The Hail Mary, also commonly called the Ave Maria (Latin) or Angelic Salutation, is a traditional Catholic prayer asking for the intercession of the Blessed Virgin Mary, the mother of Jesus. In Roman Catholicism, the prayer forms the basis of the Rosary and the Angelus prayers. In the Oriental Orthodox Churches, Eastern Orthodox and Eastern Catholic Churches, a similar prayer is used in formal liturgies, both in Greek and in translations. It is also used by many other groups within the catholic tradition of Christianity including Anglicans, Independent Catholics, and Old Catholics. Some Protestant denominations, such as Lutherans, also make use of a form of the prayer.
The prayer incorporates two passages from Saint Luke's Gospel: "Hail, the Lord is with thee." and "Blessed art thou amongst women and blessed is the fruit of thy womb." In mid-13th-century Western Europe the prayer consisted only of these words with the single addition of the name "Mary" after the word "Hail", as is evident from the commentary of Saint Thomas Aquinas on the prayer.
The first of the two passages from Saint Luke's Gospel is the greeting of the Angel Gabriel to Mary, originally written in Koine Greek. The opening word of greeting, χαῖρε, chaíre, here translated "Hail", literally has the meaning "rejoice" or "be glad". This was the normal greeting in the language in which Saint Luke's Gospel is written and continues to be used in the same sense in Modern Greek. Accordingly, both "Hail" and "Rejoice" are valid English translations of the word ("Hail" reflecting the Latin translation, and "Rejoice" reflecting the original Greek).
The word κεχαριτωμένη, (kecharitōménē), here translated as "full of grace", admits of various translations. Grammatically, the word is the feminine perfect passive participle of the verb χαριτόω, charitóō, which means "to show, or bestow with, grace" and here, in the passive voice, "to have grace shown, or bestowed upon, one".
The text also appears in the account of the annunciation contained in the apocryphal Infancy Gospel of Matthew, in chapter 9.
The second passage is taken from Elizabeth's greeting to Mary in Luke 1:42, "Blessed art thou among women, and blessed is the fruit of thy womb." Taken together, these two passages are the two times Mary is greeted in Chapter 1 of Luke.
In Western (Latin) tradition
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of the Catholic Church
After considering the use of similar words in Syriac, Greek and Latin in the 6th century, Herbert Thurston, writing in the Catholic Encyclopedia concludes that "there is little or no trace of the Hail Mary as an accepted devotional formula before about 1050", (though a later pious tale attributed to Ildephonsus of Toledo (fl. 7th century) the use of the first part, namely the angel's greeting Mary, without that of Elizabeth, as a prayer). All the evidence suggests that it took its rise from certain versicles and responsories occurring in the Little Office of the Blessed Virgin Mary, which just at that time was coming into favour among the monastic orders.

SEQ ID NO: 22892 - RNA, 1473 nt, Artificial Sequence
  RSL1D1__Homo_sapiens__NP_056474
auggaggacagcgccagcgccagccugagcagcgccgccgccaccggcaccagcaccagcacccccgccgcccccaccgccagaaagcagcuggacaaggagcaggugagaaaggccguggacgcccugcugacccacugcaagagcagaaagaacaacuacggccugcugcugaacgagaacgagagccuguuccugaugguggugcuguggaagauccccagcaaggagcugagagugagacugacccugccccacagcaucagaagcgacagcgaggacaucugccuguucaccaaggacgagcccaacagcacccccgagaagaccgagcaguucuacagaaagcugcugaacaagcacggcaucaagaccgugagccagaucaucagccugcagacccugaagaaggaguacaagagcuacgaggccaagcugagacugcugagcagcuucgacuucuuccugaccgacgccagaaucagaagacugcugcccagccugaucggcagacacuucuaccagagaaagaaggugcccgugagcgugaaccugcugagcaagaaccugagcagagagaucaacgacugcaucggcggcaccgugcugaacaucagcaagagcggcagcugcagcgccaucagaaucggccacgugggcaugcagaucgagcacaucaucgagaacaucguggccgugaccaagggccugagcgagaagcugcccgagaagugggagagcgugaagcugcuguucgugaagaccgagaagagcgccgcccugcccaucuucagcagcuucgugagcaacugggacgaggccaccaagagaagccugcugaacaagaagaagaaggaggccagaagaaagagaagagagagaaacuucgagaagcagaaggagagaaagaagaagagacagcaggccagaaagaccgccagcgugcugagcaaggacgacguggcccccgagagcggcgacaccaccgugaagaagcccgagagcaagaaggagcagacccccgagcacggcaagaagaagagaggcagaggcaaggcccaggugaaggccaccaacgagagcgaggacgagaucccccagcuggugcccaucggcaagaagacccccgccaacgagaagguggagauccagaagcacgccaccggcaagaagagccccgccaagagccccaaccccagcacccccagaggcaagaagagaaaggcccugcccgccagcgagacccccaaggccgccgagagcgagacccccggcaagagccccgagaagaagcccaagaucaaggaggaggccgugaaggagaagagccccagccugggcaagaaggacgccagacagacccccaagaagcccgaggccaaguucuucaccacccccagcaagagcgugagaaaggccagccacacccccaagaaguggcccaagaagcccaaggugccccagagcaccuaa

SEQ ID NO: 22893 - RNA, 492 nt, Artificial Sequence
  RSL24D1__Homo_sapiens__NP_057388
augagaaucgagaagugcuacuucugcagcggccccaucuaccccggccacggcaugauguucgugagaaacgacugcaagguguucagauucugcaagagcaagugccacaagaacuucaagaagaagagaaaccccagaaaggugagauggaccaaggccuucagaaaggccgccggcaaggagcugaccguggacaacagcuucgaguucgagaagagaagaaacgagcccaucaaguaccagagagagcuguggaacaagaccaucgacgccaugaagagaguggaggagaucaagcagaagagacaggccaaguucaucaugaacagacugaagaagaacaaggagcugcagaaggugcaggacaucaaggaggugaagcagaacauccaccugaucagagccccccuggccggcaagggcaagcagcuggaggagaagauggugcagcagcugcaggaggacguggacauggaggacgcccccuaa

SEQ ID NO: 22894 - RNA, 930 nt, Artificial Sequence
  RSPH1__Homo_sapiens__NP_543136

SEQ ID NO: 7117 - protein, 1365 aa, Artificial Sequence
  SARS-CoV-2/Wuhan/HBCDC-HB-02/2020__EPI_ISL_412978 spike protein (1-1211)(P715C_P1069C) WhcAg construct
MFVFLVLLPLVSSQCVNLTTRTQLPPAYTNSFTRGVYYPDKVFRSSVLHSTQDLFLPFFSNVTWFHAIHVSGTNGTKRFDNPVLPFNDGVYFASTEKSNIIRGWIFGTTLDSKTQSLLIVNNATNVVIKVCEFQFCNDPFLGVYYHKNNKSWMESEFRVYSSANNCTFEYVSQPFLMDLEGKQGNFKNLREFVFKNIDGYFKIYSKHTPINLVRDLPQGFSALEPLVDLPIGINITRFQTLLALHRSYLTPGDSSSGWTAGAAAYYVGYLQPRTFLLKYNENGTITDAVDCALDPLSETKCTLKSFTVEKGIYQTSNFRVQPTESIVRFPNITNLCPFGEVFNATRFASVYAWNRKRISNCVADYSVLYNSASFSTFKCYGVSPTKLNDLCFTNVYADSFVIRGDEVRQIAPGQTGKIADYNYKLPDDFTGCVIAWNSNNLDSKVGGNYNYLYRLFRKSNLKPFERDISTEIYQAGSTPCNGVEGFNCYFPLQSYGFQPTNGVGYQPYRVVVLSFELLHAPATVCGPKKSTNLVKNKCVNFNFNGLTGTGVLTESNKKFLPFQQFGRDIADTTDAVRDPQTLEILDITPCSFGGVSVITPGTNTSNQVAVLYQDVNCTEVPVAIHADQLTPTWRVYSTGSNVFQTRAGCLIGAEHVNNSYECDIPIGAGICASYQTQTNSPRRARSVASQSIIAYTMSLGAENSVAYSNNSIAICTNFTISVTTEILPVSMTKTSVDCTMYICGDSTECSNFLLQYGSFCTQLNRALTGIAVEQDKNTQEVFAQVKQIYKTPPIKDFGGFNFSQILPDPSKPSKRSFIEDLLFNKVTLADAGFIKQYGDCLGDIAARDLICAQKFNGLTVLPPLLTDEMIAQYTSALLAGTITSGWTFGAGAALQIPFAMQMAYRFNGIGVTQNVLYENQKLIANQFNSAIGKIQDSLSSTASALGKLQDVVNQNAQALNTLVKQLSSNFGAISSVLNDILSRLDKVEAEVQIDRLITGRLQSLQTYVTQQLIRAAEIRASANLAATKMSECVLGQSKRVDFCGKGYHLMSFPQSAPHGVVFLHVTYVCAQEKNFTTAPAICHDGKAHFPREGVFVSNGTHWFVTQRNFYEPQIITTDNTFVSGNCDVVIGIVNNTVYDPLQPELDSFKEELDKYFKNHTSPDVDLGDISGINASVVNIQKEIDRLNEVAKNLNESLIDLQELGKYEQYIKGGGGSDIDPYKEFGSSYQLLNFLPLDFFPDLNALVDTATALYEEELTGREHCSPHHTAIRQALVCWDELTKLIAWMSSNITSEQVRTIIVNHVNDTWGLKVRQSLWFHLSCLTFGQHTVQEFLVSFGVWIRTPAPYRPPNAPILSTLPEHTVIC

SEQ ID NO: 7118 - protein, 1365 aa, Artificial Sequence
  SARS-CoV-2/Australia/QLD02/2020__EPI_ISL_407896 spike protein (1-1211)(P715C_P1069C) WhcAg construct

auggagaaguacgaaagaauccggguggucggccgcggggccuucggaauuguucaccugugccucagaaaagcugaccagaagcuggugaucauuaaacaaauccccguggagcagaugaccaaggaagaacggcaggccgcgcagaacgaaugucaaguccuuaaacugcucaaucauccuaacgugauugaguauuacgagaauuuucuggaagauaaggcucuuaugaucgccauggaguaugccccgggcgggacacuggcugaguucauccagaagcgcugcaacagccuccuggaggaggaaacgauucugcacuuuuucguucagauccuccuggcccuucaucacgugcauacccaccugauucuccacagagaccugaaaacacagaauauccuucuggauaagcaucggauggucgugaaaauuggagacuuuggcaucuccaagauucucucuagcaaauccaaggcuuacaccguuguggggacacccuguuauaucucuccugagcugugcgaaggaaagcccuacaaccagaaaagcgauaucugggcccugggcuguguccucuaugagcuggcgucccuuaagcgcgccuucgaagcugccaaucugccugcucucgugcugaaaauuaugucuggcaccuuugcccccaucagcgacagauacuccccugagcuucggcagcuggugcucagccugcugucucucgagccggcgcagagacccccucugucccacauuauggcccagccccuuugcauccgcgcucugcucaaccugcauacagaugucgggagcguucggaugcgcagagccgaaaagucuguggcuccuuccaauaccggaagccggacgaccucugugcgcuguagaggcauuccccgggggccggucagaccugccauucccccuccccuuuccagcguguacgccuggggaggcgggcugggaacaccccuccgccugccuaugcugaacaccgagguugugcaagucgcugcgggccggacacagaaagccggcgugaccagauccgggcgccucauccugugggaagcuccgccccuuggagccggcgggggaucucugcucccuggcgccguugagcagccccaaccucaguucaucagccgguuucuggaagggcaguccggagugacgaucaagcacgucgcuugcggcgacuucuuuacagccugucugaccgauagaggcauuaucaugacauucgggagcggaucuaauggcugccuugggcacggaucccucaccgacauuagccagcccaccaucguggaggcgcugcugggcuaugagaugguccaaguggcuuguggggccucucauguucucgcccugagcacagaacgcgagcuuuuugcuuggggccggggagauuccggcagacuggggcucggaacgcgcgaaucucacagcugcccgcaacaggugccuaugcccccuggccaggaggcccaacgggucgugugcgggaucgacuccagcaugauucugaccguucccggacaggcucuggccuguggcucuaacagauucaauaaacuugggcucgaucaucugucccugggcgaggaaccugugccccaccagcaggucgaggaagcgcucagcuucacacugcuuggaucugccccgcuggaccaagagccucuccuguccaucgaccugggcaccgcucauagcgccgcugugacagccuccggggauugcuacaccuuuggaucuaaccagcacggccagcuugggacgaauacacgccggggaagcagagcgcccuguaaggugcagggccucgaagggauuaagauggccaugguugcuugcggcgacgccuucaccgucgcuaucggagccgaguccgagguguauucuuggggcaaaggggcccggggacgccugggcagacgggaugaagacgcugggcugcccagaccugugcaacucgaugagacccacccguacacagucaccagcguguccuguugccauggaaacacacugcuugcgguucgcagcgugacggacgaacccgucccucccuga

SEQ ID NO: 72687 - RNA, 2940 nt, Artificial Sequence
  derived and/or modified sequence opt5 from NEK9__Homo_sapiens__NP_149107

Saint Thomas Aquinas spoke of the name "Mary" as the only word added at his time to the Biblical text, to indicate the person who was "full of grace." But at about the same time the name "Jesus" was also added, to specify who was meant by the phrase "the fruit of thy womb."
The Western version of the prayer is thus not derived from the Greek version: even the earliest Western forms have no trace of the Greek version's phrases: "Mother of God and Virgin" and "for thou hast given birth to the Saviour of our souls."
To the greeting and praise of Mary of which the prayer thus consisted, a petition "Holy Mary, Mother of God, pray for us sinners now and at the hour of our death. Amen." was added later. The petition first appeared in print in 1495 in Girolamo Savonarola's "Esposizione sopra l’Ave Maria." The "Hail Mary" prayer in Savonarola's exposition reads: "Hail Mary, full of grace, the Lord is with thee; blessed art thou amongst women, and blessed is the fruit of thy womb, Jesus. Holy Mary, Mother of God, pray for us sinners, now and at the hour of our death. Amen"
Holy Mary, Mother of God, pray for us sinners.
Eleven years later, the sentence was included in the Catechism of the Council of Trent of 1566. The "Catechism of the Council of Trent" says that to the first part of the Hail Mary, by which "we render to God the highest praise and return Him most gracious thanks, because He has bestowed all His heavenly gifts on the most holy Virgin ... the Church of God has wisely added prayers and an invocation addressed to the most holy Mother of God ... we should earnestly implore her help and assistance; for that she possesses exalted merits with God, and that she is most desirous to assist us by her prayers, no one can doubt without impiety and wickedness."